May 2, 2002 | Commentary on Federal Budget
But this year, you'd think, is different. With the war on
terrorism underway and the economy recovering from a recession,
surely we can't spare even a dime for anything that isn't
So what do we find in this year's spending bills? Pork -- and a
record amount of it.
In fact, the bills are larded with nearly 8,000 pork-barrel
"earmarks" worth about $15 billion. This year's round-up includes
proposals to extend federal responsibility to such projects
One can only begin to imagine what possessed a majority in
Congress to propose spending more than a quarter of a million
taxpayer dollars to help a prosperous Kansas City suburb deal with
black-clad, alienated teens posing as spawns of Nosferatu. This is
an essential responsibility of the national government?
Small wonder that Mitchell Daniels, the president's budget
director, said the pork problem "has gotten out of hand" and that
"Congress ought to moderate its appetite for these programs." But
his criticism only irritated many lawmakers who felt he was
interfering with important congressional prerogatives.
"The power of the purse resides solely with Congress," House
Appropriations Committee Chairman C. W. Young, R-Fla., wrote in a
letter to Daniels. "Unless the Constitution is amended, Congress
will continue to exercise its discretion over federal funds for
purposes we deem appropriate."
Chairman Young has it exactly right. Just as the First Amendment
protects the rights even of a fool to speak his mind no matter how
peculiar his thoughts may be, Title I, Section 9, Clause 7 of the
Constitution states that "no money shall be drawn from the
Treasury, but in consequence of appropriations made by law," which
gives Congress the right to spend the federal government's money --
even for ludicrous projects. The Constitution adds no caveat that
the money should be spent wisely.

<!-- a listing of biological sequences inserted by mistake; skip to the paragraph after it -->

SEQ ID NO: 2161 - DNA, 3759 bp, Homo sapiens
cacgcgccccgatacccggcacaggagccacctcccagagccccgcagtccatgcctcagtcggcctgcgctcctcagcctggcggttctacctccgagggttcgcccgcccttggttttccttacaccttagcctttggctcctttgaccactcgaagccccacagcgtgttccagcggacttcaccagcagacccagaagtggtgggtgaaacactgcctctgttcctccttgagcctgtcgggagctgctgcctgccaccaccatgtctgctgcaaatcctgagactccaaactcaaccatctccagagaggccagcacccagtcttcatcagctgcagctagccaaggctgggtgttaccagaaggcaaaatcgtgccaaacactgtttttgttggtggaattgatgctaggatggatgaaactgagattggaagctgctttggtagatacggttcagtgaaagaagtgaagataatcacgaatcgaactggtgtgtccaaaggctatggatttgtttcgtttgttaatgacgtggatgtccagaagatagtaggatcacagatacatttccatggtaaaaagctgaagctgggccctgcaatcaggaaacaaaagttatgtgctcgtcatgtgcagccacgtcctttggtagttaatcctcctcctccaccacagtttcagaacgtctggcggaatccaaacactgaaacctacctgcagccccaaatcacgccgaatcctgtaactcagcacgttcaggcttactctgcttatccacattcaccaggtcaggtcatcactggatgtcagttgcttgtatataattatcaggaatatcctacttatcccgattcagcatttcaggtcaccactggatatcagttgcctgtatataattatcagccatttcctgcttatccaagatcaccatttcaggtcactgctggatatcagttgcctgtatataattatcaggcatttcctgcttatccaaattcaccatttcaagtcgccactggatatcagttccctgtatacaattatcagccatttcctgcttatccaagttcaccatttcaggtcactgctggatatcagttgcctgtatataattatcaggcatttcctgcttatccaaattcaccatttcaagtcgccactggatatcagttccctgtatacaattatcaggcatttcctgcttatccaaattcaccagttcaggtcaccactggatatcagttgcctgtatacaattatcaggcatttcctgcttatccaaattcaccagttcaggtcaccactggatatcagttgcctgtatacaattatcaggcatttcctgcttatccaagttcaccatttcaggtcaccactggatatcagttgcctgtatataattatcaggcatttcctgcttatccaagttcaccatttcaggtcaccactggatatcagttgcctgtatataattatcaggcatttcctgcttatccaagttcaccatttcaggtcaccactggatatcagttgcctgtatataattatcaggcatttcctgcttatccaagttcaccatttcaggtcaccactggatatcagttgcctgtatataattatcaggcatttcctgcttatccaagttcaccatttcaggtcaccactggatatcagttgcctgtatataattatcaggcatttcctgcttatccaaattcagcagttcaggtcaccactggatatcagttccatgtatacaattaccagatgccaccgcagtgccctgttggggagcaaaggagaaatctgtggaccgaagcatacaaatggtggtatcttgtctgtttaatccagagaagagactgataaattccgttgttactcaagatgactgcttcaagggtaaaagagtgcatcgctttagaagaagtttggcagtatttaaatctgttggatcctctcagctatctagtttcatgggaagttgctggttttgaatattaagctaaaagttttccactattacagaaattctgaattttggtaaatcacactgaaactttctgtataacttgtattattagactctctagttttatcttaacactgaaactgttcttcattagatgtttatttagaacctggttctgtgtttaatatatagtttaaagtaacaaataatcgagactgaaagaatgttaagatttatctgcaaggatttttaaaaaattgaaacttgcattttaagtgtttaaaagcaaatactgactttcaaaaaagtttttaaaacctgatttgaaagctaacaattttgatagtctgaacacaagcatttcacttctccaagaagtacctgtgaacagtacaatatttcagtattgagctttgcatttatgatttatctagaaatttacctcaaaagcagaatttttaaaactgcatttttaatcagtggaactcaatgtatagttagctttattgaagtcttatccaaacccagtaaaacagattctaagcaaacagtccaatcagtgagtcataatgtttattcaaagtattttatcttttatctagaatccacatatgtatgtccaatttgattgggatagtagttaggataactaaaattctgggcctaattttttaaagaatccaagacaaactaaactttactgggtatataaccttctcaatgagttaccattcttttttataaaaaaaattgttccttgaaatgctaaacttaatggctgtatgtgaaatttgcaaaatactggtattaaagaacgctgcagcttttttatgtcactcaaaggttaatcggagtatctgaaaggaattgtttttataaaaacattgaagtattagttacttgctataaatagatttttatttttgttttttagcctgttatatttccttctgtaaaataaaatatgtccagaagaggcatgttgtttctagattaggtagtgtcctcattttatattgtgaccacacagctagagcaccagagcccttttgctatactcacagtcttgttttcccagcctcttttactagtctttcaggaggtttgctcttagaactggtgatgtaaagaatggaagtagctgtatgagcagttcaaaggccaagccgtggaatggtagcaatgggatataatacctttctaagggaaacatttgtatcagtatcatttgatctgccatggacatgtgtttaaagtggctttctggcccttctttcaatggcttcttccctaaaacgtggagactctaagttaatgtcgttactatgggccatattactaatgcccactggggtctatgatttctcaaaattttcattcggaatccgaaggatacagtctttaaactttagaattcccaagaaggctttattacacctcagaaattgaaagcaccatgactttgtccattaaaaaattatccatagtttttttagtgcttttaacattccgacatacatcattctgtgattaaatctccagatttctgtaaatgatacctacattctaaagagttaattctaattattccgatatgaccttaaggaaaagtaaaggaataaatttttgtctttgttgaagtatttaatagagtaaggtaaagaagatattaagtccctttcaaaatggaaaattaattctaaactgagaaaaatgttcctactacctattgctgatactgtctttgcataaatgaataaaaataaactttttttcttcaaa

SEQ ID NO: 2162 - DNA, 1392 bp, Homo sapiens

In short, Congress has every right to fund therapeutic horseback
riding in Apple Valley, Calif. ($150,000) and a dolphin replacement
project in Washington state ($4 million).
But more is at stake in this issue than constitutional
authority, according to Chairman Young: "All wisdom on the
allocation of federal funding does not reside in the executive
branch. Members know the needs of their districts better than civil
servants working in Washington, D.C." Chairman Young's remarks
conjure up images of dedicated elected officials responding to the
broad concerns of constituents.
Which implies that there was a groundswell of public sentiment
in Missouri for a million-dollar program to see if public transit
buses and trains can run on soybeans. And that Texans asked for
$300,000 to pull weeds from the Navidad and Lavaca rivers. And that
Hawaiians, native Alaskans, and the residents of Massachusetts
petitioned loudly for $5 million to facilitate cultural exchanges
that would allow them to reflect on the common roots of their 19th
century whaling heritage.
Pork actually has a different genesis, of course. Many lobbying
firms openly boast of their ability to "sell" local officials on
them. In fact, quite a few publicly advertise their success at
securing federal funds.
One firm, Washington, D.C.-based Sagamore Associates, notes on
its Web site that shepherding federal-funding requests is a "high
priority" for many clients. "More than half our firm's work is
comprised of this activity, and our track record is strong," it
says. The Web site of The Carmen Group, Inc. (also of Washington)
contains a section called "Success Stories" in which it details how
it obtained $860,000 in federal tax money for an historically black
college, $269 million in future funding for a light rail system and
Lawmakers can make all the constitutional appeals they want. But
it's clear that pork is rooted in electoral insecurity and the
desire to buy public affection. The question is, do they have to do
it with the hard-earned dollars of American taxpayers?
Utt is a senior research fellow at The Heritage Foundation
(www.heritage.org), a Washington-based public policy research
Distributed nationally on the Knight-Ridder Tribune wire